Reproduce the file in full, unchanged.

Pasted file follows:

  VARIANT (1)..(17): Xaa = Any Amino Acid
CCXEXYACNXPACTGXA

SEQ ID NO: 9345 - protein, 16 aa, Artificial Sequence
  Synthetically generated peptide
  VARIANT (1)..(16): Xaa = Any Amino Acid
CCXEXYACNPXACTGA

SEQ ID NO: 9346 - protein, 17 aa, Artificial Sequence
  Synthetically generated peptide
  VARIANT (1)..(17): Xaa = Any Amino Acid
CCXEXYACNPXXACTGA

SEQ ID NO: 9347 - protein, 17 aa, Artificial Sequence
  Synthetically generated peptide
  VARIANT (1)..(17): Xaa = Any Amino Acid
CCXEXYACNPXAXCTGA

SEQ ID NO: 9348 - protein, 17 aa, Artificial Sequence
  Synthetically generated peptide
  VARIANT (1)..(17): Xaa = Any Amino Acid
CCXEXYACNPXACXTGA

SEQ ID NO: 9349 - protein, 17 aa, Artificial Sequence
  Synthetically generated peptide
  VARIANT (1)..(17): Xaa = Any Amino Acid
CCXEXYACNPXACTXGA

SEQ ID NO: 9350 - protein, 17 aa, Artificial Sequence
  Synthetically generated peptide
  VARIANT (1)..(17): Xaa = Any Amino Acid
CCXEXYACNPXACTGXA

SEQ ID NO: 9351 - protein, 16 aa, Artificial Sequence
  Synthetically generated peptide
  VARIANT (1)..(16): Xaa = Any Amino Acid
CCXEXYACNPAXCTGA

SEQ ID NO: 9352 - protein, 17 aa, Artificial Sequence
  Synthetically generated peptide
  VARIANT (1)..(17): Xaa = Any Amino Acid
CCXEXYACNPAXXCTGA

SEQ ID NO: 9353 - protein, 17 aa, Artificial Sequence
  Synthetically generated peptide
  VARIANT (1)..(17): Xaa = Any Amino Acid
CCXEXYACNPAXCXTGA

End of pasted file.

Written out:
  VARIANT (1)..(17): Xaa = Any Amino Acid
CCXEXYACNXPACTGXA

SEQ ID NO: 9345 - protein, 16 aa, Artificial Sequence
  Synthetically generated peptide
  VARIANT (1)..(16): Xaa = Any Amino Acid
CCXEXYACNPXACTGA

SEQ ID NO: 9346 - protein, 17 aa, Artificial Sequence
  Synthetically generated peptide
  VARIANT (1)..(17): Xaa = Any Amino Acid
CCXEXYACNPXXACTGA

SEQ ID NO: 9347 - protein, 17 aa, Artificial Sequence
  Synthetically generated peptide
  VARIANT (1)..(17): Xaa = Any Amino Acid
CCXEXYACNPXAXCTGA

SEQ ID NO: 9348 - protein, 17 aa, Artificial Sequence
  Synthetically generated peptide
  VARIANT (1)..(17): Xaa = Any Amino Acid
CCXEXYACNPXACXTGA

SEQ ID NO: 9349 - protein, 17 aa, Artificial Sequence
  Synthetically generated peptide
  VARIANT (1)..(17): Xaa = Any Amino Acid
CCXEXYACNPXACTXGA

SEQ ID NO: 9350 - protein, 17 aa, Artificial Sequence
  Synthetically generated peptide
  VARIANT (1)..(17): Xaa = Any Amino Acid
CCXEXYACNPXACTGXA

SEQ ID NO: 9351 - protein, 16 aa, Artificial Sequence
  Synthetically generated peptide
  VARIANT (1)..(16): Xaa = Any Amino Acid
CCXEXYACNPAXCTGA

SEQ ID NO: 9352 - protein, 17 aa, Artificial Sequence
  Synthetically generated peptide
  VARIANT (1)..(17): Xaa = Any Amino Acid
CCXEXYACNPAXXCTGA

SEQ ID NO: 9353 - protein, 17 aa, Artificial Sequence
  Synthetically generated peptide
  VARIANT (1)..(17): Xaa = Any Amino Acid
CCXEXYACNPAXCXTGA